“Relevant social actors largely agree that science education is an essential factor for progress and innovation” – 5 questions answered by Volker Rein and Johannes Wildt

New with Budrich:

Professional-Scientific Education. Discourses, Perspectives, Implications, and Options for Science and Practice

edited by Volker Rein and Johannes Wildt




About the book

There is a growing need for professional-scientific education in science, the labour market and society. However, many key players remain in traditional pillar thinking with regard to professional and scientific education and strong social forces maintain their institutional separation in the education system.
The volume intends to reflect and to enhance the discourse on the relation and integration of professional and scientific education. In a series of contributions by well-known educational scientists from Germany and other countries, the theoretical, conceptual and practical design questions for a qualification are discussed, which sets the connectivity of scientific and professional education within and between courses into an integrative perspective.


Dear Volker Rein, dear Johannes Wildt, what was the impetus for publishing the anthology “Professional-Scientific Education. Discourses, Perspectives, Implications, and Options for Science and Practice” ?

The objectives and the design of education have been moving towards each other for years in many countries at the interface of academic and professional developments. This is related to developments in all sectors of society, framed by the educational policy guiding principle of lifelong learning and a continuous increase of the meaning of science in society.

Regardless of different education systems and problematic situations, numerous design approaches have been developed – theoretically and empirically justified worldwide – without, however, setting in motion transformations that transcend academia and educational systems. The anthology seeks ways out of this impasse. It intends to reflect on and further develop the discourse on the relation and integration of professional and scientific education, the related problems and options that go beyond the systemic differentiating or schismatic views traditionally dominant in academia, practice and politics.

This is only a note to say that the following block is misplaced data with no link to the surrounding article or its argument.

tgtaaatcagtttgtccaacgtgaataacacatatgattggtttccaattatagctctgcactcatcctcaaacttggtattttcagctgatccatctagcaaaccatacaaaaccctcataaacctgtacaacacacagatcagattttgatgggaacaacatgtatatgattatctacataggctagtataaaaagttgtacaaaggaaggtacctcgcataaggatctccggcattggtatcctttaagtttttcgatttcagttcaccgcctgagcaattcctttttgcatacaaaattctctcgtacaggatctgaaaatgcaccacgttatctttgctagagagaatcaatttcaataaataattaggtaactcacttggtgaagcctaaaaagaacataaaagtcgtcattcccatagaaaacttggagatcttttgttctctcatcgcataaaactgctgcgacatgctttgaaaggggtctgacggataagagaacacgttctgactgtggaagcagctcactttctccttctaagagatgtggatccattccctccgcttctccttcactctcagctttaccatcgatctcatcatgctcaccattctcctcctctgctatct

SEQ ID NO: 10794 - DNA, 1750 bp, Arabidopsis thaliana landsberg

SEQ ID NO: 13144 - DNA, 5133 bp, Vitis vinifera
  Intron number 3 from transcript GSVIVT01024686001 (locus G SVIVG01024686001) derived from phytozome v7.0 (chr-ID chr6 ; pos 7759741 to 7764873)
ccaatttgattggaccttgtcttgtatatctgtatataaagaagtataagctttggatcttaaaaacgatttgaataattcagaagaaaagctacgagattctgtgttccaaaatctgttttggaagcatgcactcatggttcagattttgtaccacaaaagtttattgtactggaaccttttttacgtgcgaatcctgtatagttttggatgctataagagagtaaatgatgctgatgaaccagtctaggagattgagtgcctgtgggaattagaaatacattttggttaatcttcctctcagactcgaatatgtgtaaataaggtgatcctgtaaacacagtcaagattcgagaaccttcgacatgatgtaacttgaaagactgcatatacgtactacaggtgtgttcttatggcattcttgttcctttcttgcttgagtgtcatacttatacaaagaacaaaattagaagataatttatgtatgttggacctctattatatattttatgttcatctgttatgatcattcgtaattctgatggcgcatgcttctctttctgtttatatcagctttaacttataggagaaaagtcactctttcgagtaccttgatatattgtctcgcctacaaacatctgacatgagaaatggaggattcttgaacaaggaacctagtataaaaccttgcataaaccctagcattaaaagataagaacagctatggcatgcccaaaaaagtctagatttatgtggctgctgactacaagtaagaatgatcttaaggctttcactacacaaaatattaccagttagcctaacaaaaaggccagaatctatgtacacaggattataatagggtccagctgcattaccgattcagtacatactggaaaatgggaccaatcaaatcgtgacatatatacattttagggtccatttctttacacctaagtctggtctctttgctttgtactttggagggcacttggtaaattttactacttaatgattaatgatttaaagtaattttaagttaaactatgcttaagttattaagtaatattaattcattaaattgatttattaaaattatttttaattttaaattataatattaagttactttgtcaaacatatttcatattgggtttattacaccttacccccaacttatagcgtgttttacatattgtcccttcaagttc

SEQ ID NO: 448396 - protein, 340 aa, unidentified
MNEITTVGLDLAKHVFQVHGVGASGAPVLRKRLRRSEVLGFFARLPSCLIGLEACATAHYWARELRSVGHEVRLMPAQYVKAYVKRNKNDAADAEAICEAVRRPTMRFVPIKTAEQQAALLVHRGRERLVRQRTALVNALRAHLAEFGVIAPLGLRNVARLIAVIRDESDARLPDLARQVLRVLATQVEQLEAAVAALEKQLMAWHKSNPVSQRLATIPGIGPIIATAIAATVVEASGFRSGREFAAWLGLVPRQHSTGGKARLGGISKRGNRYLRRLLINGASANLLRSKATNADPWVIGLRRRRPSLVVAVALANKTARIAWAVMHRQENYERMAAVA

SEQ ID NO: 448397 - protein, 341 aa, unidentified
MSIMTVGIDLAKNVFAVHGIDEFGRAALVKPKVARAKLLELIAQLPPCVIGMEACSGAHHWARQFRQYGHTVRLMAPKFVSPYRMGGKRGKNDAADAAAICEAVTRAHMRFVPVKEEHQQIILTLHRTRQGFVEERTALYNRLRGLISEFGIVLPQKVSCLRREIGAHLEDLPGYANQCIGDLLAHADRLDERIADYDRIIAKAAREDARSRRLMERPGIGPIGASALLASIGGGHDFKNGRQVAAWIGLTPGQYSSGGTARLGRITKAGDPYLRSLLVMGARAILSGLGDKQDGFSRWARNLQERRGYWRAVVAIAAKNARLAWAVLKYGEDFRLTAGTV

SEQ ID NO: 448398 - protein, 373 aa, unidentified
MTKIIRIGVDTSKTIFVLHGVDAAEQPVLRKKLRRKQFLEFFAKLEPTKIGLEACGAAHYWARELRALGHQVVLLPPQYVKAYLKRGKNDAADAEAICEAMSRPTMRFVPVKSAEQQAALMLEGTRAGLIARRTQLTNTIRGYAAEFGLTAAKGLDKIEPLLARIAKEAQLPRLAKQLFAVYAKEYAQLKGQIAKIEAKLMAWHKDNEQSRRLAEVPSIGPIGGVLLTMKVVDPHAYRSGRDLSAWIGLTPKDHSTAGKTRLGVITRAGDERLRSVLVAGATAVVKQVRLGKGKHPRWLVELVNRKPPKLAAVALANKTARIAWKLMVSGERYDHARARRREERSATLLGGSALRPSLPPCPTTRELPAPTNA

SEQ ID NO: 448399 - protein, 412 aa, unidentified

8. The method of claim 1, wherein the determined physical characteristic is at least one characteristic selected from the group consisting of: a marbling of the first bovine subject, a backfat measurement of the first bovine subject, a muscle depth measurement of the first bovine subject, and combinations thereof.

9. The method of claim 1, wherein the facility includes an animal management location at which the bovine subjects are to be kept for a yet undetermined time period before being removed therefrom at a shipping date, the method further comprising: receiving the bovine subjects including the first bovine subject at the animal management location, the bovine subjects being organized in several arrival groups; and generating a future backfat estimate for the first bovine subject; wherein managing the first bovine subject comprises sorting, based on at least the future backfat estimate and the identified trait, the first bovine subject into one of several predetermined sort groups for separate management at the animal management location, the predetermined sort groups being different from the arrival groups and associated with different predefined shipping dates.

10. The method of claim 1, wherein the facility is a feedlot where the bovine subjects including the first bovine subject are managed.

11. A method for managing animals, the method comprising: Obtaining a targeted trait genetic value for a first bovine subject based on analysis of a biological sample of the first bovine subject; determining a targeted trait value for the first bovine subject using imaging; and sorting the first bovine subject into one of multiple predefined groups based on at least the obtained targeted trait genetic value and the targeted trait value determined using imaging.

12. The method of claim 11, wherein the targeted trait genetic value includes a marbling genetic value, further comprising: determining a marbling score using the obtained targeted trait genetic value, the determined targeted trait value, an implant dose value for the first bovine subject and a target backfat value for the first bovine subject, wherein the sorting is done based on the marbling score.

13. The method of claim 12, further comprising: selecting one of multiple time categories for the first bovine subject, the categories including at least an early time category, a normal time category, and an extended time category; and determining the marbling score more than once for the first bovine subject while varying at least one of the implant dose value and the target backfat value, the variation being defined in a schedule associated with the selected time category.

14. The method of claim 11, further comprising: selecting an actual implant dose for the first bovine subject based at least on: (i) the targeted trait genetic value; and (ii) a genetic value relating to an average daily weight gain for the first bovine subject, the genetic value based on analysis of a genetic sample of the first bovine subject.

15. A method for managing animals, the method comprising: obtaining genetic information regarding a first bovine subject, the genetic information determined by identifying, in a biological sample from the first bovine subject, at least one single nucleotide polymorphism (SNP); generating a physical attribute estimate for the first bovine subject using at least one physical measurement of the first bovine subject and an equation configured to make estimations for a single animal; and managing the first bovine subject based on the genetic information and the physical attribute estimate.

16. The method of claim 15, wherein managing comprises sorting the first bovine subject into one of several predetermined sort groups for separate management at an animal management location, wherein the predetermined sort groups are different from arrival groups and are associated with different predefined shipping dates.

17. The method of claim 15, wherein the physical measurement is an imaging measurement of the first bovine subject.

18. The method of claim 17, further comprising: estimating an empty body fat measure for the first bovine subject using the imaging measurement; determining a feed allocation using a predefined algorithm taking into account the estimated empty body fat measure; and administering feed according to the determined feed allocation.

Finally, the anthology’s findings are presented for discussion in theses on the conditions and possibilities for the development of Professional-Scientific Education, open problems and the need for further research and development are discussed and linked to a transformational scientific perspective.


What kind of contributions does the anthology contain?

First, basic issues in the relationship between scientific and professional education are discussed. Based on a dynamic interaction between the scientification of society and the socialisation of science, central questions of Professional-Scientific Education are raised about the relationship between education, competence and professionalism, as well as between theory and

practice. From a diachronic perspective, the development of the relationship between scientific and professional education is traced in its stages, framing embeddings, characteristics and intersections. This gives rise to problems of integrating professional and academic education, which are then discussed at the systemic, qualification-design and teaching levels of action in educational reform.

The design of links between academic education and profession, which in tertiary education is largely defined by the degree programme system, is discussed at the macro level.

Furthermore the curricular design of study programmes or partial study programmes in Higher Education with a view to the connectivity of educational programmes in initial and continuing Vocational Education and Training outside the Higher Education system is analysed at the meso level followed by a discussion of the conceptual foundations of competence development and the design of courses or learning situations at the micro-level, that concretise an integrated Professional-Scientific Education.


From the perspective of your fields of expertise, what are currently the biggest challenges to end the traditional silo thinking of professional and academic education?

In contrast, the manifold implicit correlation between professional and scientific education and the evident demand for comprehensive design concepts are often neglected or ignored inside the academic institutions as well as in other education sectors.  Key social actors persist culturally (‚mind sets‘) and ideologically in an outdated silo thinking of a separation between professional and academic education, which has led to a schism within the education system. Policymakers are perpetuating this drift between educational pathways, as evidenced by the amendment of legislation on academic and non-academic education in Germany, for example, in recent years, to increase permeability between the educational sectors. In essence however, they miss the point of a consistent integration that could do justice to the state of knowledge of today’s educational research and the resulting practical reforms.